It is not the most glamorous sounding investment but AXA Framlington Managed Balanced is probably the type of fund most investors should own. Like most funds in its sector it blends a range of equities, bonds and cash to form a ready-made portfolio.
The manager, Richard Peirson, has one of the longest track records – he has been running it since 1994 – and one of the best. The numbers speak for themselves: £10,000 invested in the fund at launch would be worth £51,720 today against £31,185 for the sector and £44,580 for the FTSE All Share with dividends reinvested.
At the heart of the fund is a simple approach – invest up to 80 per cent in equities and the remainder in bonds and cash. The latter component has the effect of dampening the volatility of the fund, and Mr Peirson favours government bonds over corporate bonds as they are less correlated to equity markets. If he wishes he can increase this more stable part of the portfolio if he believes equities look vulnerable, though he tends to be guided by valuations rather than any macro-economic news.
At present the fund has close to 80 per cent in equities and around 20 per cent in cash and bonds, around half of which is cash as he views many sovereign bonds as expensive. While he has favoured German Bunds in particular, he has recently been trimming back his positions because yields have fallen so much.
Mr Peirson looks after stock selection within the UK equities and bond components of the fund himself. For overseas equities, which represents around half the equity component, he decides the size of the allocation to each geographic area, but individual stock selection is taken care of by other AXA Framlington managers such as Stephen Kelly, who runs the American Growth Fund.
Mr Peirson will question them and discuss what they are doing but he won't interfere with their investment processes, leaving them to run their portfolios as they see fit.
So how has the fund outperformed so significantly over the past few years? A large part of it has been the UK equity component of the portfolio run by Mr Peirson. Many managers of this type of fund will tend to invest only in the FTSE 100, the largest companies on the UK market. Mr Peirson, however, looks for opportunities in the next tier, the FTSE 250, which has outperformed the FTSE 100 considerably over the past decade.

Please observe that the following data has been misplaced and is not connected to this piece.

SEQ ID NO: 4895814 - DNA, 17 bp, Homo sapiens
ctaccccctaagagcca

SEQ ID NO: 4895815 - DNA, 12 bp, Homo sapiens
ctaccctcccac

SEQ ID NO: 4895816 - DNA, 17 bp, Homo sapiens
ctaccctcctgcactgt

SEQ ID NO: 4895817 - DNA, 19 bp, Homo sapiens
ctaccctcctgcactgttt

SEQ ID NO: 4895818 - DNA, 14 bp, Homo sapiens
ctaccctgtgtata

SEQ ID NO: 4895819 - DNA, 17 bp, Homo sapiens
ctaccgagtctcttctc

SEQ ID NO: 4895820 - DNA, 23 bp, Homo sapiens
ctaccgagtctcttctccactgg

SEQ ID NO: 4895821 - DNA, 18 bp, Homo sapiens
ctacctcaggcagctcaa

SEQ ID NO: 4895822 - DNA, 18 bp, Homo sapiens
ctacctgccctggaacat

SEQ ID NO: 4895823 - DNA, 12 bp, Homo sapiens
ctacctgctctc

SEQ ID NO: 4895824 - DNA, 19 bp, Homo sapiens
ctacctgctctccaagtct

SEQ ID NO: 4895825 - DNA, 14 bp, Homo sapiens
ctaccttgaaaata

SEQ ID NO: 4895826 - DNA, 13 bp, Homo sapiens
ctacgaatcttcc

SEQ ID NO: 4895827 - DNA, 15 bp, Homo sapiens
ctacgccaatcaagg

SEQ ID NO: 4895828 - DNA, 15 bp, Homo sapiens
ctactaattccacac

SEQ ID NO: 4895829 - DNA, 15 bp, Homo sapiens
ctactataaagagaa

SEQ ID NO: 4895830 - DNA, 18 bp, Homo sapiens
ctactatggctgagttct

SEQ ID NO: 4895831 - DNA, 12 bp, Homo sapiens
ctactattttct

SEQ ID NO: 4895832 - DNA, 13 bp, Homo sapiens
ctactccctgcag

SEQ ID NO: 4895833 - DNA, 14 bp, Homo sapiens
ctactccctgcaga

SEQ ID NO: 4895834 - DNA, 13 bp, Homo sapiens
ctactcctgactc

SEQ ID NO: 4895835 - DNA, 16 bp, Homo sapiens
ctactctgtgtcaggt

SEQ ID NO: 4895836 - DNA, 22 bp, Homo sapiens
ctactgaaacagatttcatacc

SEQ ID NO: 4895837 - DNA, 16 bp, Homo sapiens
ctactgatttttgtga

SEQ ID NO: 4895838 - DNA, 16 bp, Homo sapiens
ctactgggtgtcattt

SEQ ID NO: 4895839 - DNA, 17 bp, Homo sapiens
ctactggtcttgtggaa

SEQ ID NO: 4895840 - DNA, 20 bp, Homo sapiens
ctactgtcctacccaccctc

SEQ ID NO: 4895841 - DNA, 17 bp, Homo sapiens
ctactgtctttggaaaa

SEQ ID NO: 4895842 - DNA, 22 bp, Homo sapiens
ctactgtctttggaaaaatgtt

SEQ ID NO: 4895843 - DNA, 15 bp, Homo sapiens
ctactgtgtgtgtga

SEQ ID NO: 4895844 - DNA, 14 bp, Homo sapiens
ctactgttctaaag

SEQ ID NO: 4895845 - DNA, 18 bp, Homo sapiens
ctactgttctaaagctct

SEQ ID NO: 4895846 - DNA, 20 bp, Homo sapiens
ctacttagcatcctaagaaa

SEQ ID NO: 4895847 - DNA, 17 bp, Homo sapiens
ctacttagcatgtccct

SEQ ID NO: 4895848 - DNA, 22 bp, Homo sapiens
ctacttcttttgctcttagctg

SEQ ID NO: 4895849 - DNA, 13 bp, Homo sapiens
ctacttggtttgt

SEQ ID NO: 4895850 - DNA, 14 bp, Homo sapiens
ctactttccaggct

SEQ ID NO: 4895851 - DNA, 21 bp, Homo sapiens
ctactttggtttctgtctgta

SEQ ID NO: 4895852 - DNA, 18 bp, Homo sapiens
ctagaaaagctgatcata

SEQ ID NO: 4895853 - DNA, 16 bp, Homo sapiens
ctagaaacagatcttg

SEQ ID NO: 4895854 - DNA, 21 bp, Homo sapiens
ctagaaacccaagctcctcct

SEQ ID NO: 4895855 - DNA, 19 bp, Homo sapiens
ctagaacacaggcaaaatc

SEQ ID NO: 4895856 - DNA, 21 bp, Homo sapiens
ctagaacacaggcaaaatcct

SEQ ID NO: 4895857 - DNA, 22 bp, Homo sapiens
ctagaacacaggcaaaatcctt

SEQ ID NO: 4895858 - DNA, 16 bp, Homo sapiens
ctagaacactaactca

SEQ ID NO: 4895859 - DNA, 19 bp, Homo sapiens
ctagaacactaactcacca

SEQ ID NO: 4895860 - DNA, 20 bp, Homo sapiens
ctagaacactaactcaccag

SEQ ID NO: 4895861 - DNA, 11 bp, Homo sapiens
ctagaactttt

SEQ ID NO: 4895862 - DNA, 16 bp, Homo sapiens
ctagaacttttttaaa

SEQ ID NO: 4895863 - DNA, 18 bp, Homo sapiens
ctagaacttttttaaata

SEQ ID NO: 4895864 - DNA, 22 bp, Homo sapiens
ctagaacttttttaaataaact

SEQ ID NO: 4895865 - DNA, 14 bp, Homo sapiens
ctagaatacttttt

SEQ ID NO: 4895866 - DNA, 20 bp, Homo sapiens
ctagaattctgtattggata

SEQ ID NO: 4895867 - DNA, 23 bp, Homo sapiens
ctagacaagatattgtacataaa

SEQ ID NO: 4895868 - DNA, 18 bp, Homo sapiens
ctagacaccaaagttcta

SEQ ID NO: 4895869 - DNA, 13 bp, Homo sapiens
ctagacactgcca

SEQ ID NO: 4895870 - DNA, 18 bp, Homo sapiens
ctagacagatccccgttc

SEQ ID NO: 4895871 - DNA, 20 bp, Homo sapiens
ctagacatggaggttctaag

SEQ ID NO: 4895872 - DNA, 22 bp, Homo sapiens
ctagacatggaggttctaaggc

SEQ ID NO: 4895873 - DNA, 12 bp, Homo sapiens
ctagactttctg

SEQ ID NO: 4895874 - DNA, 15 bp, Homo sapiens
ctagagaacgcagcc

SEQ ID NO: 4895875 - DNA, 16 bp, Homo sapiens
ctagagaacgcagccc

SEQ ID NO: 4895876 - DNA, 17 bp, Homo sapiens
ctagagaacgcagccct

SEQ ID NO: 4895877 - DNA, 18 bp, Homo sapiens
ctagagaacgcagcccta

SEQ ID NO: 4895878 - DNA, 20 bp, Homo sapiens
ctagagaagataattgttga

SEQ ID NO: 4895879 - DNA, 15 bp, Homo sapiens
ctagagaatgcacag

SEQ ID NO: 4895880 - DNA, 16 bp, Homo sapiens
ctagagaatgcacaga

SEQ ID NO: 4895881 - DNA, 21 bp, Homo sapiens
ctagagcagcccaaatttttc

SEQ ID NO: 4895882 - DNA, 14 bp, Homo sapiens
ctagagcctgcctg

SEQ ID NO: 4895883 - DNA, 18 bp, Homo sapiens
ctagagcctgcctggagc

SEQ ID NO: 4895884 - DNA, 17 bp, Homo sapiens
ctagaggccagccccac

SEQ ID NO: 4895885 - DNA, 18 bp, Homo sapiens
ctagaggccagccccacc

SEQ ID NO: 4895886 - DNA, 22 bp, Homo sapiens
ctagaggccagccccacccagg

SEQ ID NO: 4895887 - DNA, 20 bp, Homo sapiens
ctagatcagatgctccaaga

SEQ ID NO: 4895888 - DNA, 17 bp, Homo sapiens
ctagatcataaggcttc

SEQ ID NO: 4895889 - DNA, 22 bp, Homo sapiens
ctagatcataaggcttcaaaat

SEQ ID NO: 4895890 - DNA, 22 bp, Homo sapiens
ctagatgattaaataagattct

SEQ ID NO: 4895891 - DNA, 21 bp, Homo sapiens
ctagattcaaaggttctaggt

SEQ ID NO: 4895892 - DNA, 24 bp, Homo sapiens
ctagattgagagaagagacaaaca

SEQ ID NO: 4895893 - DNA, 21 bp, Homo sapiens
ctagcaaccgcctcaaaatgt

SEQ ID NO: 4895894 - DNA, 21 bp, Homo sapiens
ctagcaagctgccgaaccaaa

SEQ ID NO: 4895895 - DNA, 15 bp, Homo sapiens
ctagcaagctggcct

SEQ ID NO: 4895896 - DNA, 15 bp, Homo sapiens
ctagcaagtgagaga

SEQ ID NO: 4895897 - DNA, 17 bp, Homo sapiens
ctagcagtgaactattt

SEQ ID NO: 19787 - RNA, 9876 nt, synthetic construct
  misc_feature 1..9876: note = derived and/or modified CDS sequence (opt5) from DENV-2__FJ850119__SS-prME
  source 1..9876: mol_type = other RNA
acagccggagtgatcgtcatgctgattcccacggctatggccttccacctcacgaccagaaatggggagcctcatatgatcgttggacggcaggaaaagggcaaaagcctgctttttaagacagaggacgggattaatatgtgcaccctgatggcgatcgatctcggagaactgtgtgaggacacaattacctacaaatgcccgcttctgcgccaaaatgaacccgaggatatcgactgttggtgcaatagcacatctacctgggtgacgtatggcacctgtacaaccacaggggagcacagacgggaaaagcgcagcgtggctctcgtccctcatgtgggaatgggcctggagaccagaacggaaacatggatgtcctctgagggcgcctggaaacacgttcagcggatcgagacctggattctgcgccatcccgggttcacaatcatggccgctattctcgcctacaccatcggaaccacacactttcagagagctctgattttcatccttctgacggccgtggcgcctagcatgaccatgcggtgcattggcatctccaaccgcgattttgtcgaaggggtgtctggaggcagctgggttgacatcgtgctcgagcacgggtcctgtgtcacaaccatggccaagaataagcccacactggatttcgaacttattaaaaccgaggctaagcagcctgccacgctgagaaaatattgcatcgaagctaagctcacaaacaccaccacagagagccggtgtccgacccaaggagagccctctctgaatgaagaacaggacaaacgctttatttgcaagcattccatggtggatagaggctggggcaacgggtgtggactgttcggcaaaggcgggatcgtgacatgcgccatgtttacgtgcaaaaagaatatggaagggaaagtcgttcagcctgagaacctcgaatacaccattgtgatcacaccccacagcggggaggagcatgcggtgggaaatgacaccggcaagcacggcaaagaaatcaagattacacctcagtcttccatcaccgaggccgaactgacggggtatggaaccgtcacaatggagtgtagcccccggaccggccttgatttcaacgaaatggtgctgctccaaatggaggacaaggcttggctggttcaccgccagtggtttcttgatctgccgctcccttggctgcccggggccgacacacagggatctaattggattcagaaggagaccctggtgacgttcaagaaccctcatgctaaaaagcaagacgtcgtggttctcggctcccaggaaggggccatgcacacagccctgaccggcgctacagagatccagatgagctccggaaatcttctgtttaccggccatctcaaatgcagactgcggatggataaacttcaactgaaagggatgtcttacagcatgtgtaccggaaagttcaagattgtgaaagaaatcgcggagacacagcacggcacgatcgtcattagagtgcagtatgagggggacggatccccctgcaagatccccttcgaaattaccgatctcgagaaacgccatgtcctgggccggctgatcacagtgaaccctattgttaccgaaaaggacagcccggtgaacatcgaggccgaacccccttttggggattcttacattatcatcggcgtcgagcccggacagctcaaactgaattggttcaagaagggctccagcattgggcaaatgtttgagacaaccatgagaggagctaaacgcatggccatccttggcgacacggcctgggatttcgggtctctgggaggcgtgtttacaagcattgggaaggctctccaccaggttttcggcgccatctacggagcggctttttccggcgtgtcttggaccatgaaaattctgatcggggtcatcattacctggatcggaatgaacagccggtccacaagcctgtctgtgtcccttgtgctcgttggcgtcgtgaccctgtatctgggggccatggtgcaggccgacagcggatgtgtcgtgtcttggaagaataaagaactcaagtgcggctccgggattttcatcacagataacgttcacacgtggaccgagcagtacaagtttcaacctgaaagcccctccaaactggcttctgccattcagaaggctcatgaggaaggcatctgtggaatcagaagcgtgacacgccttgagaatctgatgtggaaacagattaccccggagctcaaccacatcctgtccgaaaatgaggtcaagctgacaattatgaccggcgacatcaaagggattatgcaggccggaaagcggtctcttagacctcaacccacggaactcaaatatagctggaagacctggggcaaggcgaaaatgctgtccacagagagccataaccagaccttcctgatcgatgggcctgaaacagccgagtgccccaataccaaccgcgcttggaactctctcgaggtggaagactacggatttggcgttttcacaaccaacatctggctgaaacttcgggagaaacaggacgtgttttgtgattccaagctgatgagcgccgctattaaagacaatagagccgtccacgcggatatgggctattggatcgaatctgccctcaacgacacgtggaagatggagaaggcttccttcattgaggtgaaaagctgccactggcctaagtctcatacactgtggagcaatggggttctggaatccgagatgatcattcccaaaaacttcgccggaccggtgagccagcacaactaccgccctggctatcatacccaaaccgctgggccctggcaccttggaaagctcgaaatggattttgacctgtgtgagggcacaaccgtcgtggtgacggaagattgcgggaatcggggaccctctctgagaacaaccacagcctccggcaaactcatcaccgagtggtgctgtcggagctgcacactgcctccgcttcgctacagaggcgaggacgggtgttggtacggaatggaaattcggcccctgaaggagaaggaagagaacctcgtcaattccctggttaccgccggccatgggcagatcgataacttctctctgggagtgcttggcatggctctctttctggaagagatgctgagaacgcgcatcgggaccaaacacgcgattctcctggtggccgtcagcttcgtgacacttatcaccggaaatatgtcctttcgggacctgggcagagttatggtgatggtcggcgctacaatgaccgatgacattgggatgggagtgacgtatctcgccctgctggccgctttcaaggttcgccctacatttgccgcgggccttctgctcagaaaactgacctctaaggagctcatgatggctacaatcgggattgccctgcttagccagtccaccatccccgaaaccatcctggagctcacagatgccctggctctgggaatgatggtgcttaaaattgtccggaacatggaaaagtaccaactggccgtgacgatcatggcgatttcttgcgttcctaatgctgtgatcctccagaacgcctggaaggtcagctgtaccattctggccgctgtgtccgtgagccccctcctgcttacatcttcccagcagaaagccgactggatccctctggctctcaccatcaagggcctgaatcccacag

Here, he has been able to uncover some outstanding opportunities, and he continues to be excited about this part of the market despite weakness in the UK economy. For instance, he has added to housebuilders Barratt Developments and Persimmon over the past year. This is nothing to do with any view that mortgage lending is about to pick up, more that expensive land bought pre-2007 is falling out of their inventories and cheaper land bought subsequently is taking up a greater proportion. This is gradually improving margins. He has also invested in Imagination Technologies, a UK firm making microchips for Apple and Samsung mobile products. There are also some traditional blue-chips in the portfolio including BT, which he thinks will be a major beneficiary of broadband services.
While this is a fund whose manager has 40 years' experience, he is clearly not going to go on for another 40 years. However, there is an excellent team behind Mr Peirson and despite the charges of the fund being slightly higher than some of its competitors – turgid pension and insurance funds with low charges but lacklustre performance – it has shown them a clean pair of heels for a very long time. I believe it continues to be a fine choice of fund for those investing for the long term in their pension or ISA.
Mark Dampier is head of research at Hargreaves Lansdown, the asset manager, financial advisor and stockbroker. For more details about the funds included in this column, visit www.hl.co.uk/independent